August 4, 2017

Gospel Mt 13:54-58
Jesus came to his native place and taught the people in their synagogue.
They were astonished and said,
"Where did this man get such wisdom and mighty deeds?
Is he not the carpenter's son?
Is not his mother named Mary
and his brothers James, Joseph, Simon, and Judas?
Are not his sisters all with us?
Where did this man get all this?"
And they took offense at him.
But Jesus said to them,
"A prophet is not without honor except in his native place
and in his own house."
And he did not work many mighty deeds there
because of their lack of faith.

The gospel passages today strikes me because our family has moved back to my husband's "native place." We are living in his hometown, a small town in lake country, Minnesota, with his dad, stepmom and half-sister in the house he lived in in high school.  It has been tough to get into our own routine amidst the larger, more established routine of the rest of the family living in this house, and so, I've struggled feeling sluggish and in limbo before we move into our apartment in September. I bring up this situation because the concept of the "native place" is one that sparks feelings of both comfort in being known, but also, the apathy of being too comfortable with what you know of yourself, and as we see in the gospel reading, others being too comfortable and unwilling to bend in what they know of you. 

The people in the synagogue in today's reading exemplify how a comfortable knowledge of Jesus, which may be the result of quite a long relationship with Him, can sometimes be the biggest barrier to deeper relationship.  We may be stuck in our own "native place" in our relationship with Jesus, keeping what He means to us within a well-confined box that does not exceed the bounds of our comfort. But this attitude of "knowing" is actually a farce, protecting us from admitting our own pride and fear that inhibit us from truly knowing Jesus. 

Pride, because we think we have "enough" knowledge of God, thank you very much. "I go to Mass on Sundays, I pray before meals, I don't live a crazy life." We may be satisfied knowing we are "not as bad" as others, we may be under the impression that we don't have to try living as disciples because we are already "saved" anyways. 

Fear, because what if we have to give up this view of ourselves? What if God wants us to... change? What if God isn't just a therapeutic concept for me to feel better? What if I'm not as good as I actually think I am... because God is actually far more Good than I think He is? 

Yes, these are the sinful attitudes that can be buried so deep within us, that can cement us so deeply within our own "native places." (And yes, I'm being a little harsh here in my wording of these attitudes! Please forgive me. Sinful tendencies are harsh.) These are the attitudes that can keep Jesus from working "mighty deeds" in our lives. Is our faith lacking? Specifically, is our faith in Jesus' ability to continually reveal more and more of Himself to us lacking?  Are we stuck in what we know of Jesus, or are we ready to move forward from our "native place"? Are we ready to sojourn with Jesus as disciples on pilgrimage, knowing that deeper and deeper knowledge of Jesus IS the supreme goal of our lives?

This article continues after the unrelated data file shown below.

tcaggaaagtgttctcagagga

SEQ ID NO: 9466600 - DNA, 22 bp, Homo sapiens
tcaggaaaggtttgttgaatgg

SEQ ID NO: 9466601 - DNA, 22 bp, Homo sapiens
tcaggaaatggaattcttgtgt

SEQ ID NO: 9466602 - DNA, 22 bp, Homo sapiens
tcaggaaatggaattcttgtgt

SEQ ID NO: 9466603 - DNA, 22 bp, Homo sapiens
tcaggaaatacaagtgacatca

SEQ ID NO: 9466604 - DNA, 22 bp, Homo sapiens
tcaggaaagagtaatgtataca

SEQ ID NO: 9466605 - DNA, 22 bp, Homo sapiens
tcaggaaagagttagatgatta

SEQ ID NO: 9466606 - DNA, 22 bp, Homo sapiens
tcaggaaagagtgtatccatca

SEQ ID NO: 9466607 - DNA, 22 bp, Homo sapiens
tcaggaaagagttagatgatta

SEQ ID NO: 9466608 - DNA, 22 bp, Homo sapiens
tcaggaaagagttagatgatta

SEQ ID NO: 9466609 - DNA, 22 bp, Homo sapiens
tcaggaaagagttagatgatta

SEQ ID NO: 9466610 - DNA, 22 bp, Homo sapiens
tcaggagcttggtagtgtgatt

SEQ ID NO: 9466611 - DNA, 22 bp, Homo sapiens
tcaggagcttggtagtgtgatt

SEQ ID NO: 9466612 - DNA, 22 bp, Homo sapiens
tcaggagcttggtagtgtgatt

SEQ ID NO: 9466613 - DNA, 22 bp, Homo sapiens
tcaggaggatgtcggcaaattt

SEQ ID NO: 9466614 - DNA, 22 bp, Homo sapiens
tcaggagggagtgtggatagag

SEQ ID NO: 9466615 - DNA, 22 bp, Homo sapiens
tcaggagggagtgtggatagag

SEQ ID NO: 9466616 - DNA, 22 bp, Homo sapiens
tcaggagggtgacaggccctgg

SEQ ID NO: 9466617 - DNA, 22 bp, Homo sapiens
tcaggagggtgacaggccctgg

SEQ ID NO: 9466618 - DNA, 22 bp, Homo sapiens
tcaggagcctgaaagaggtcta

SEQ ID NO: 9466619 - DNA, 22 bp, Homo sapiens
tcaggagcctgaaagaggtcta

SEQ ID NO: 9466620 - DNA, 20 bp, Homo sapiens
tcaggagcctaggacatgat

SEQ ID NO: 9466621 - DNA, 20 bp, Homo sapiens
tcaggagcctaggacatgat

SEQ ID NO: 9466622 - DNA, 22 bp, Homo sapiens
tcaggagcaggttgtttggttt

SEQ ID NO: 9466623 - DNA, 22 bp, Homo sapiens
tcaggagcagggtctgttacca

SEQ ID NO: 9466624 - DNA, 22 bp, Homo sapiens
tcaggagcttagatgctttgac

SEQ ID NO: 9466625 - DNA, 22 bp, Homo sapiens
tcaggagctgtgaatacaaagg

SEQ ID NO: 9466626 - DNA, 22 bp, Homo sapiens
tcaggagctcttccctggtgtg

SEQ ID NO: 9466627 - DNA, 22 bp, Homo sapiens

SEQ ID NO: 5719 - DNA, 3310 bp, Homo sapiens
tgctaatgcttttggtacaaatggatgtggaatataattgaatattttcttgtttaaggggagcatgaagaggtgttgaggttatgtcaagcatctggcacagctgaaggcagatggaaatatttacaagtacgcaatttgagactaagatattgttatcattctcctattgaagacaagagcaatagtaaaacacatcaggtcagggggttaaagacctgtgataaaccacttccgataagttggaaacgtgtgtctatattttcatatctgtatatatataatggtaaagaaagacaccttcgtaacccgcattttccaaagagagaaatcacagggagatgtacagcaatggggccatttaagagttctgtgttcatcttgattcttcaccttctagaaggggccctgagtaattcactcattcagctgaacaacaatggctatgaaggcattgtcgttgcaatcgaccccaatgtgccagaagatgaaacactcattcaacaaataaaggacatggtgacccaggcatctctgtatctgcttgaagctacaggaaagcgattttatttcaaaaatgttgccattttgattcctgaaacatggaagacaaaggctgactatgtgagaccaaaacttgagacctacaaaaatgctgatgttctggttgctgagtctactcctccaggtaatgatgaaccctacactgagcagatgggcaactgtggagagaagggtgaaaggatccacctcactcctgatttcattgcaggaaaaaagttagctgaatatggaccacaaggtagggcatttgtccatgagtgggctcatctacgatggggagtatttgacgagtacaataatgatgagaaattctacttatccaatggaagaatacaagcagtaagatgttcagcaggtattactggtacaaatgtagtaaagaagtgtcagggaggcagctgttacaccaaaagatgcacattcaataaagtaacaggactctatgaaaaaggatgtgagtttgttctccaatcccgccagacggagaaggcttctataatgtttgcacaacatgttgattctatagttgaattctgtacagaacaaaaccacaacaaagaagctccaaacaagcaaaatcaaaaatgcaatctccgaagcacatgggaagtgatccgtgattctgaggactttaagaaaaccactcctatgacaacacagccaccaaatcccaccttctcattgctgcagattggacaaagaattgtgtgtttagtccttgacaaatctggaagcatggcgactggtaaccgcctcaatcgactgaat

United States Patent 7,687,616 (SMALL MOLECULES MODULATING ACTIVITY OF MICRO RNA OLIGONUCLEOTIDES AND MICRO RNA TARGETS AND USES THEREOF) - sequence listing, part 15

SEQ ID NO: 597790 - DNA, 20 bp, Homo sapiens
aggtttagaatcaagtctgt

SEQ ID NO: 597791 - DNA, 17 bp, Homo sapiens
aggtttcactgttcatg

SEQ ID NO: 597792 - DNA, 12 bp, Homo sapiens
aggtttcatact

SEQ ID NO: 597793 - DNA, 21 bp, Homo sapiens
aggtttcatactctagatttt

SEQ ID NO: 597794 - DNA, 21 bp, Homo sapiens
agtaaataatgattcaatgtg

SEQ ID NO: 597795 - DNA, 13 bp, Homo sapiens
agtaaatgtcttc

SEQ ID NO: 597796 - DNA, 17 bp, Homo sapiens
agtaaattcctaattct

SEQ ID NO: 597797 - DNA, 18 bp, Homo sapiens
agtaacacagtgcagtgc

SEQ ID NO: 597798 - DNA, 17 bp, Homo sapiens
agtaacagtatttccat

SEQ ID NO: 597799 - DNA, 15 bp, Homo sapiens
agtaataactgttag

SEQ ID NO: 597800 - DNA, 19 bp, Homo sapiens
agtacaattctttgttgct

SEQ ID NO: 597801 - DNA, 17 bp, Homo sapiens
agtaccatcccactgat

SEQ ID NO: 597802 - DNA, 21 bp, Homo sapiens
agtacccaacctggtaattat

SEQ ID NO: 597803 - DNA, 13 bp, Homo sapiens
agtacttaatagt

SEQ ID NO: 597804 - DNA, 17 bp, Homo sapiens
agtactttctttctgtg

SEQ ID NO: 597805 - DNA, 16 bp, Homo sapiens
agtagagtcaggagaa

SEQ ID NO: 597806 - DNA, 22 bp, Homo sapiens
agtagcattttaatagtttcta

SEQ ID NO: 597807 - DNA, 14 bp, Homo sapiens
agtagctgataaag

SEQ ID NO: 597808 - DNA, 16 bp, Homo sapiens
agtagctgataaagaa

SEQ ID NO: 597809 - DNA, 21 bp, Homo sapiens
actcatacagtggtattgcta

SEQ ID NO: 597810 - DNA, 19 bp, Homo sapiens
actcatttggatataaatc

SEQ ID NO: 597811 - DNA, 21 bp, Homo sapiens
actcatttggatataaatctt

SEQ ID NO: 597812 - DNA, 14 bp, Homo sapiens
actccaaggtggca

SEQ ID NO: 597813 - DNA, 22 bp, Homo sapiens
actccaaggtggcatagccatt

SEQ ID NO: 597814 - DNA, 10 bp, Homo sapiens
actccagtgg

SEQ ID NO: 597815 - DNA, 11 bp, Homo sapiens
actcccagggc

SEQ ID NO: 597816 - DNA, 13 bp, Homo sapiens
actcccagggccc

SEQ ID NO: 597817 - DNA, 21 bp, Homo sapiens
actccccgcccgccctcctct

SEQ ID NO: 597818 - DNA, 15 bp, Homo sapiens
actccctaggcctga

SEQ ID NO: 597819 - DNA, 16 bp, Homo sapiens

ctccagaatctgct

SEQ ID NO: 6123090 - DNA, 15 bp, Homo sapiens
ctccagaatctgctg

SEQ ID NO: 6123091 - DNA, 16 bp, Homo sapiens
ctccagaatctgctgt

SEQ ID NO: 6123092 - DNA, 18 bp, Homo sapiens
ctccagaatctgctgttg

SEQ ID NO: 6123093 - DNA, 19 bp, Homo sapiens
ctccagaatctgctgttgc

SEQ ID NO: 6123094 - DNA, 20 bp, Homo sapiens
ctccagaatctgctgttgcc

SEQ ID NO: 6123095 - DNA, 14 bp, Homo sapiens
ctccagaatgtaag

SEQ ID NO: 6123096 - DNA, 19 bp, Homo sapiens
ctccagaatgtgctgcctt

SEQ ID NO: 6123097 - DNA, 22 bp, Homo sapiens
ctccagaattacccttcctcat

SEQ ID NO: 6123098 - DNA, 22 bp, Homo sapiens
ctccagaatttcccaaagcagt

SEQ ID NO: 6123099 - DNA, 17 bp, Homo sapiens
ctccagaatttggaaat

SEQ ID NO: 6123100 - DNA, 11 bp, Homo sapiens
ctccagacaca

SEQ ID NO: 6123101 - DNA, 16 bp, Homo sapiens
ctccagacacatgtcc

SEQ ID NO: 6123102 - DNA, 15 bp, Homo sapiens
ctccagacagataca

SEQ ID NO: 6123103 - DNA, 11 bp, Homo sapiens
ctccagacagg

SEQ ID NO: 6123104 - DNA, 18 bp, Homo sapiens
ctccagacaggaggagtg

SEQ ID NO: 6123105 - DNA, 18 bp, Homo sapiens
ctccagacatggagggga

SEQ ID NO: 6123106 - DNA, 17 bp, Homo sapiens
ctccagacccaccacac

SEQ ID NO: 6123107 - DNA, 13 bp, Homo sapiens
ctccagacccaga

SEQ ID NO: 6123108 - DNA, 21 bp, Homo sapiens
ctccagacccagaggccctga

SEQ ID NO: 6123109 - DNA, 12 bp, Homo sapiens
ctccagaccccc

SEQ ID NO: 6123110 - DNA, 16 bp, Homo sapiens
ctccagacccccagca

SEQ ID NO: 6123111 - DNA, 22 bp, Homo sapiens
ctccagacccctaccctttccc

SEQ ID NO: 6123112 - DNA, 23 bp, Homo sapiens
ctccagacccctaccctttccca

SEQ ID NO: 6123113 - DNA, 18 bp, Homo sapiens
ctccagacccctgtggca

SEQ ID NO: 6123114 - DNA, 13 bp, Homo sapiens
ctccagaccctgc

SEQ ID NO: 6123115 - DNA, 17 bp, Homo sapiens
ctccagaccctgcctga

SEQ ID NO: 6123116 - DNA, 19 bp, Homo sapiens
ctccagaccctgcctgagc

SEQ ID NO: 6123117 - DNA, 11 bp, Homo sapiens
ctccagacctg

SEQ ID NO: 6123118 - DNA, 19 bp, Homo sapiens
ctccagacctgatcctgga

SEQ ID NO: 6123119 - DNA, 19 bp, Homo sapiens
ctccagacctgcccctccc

The people in this gospel resisted Christ because they believed they knew who He was more than He knew who He was. They were so set in their view of Him that they even "took offense at him" when He taught them: this is also a crucial detail, and one I can relate to more than I'd like to admit, due to my own pride and fear. 

*Personal example time* I can very often get quickly offended (which usually includes being defensive, too. Gotta cover all angles of resistance) when my husband tries to point out ways I could grow. And this is often due to a more general lack of faith in his ability and role in him being a teacher in my life. I have my own idea of what I want my husband to be, and more often than not, I want him to be an unconditional supporter of me. And he is, except it's easier for me when that "unconditional" means regardless of whether I'm becoming who I want to be in life... It's here that I find the futility of my own attitude: Why resist when resisting means being stuck in a less joyful life, in a more shallow relationship?  Hopefully, we learn (and I will learn) quickly that keeping one's pride at the cost of deeper relationship is a farce.  

The solution? Humility. We must let Jesus, and others who are His instruments in our lives, continually teach us Who He is and who we ought to be, because the latter is hopeless without the former. We must venture out of our "native place" of stagnant knowledge of Him, and move towards the freedom of a journey where we know not where we're going, but we know Who is leading us. 

Frassati NY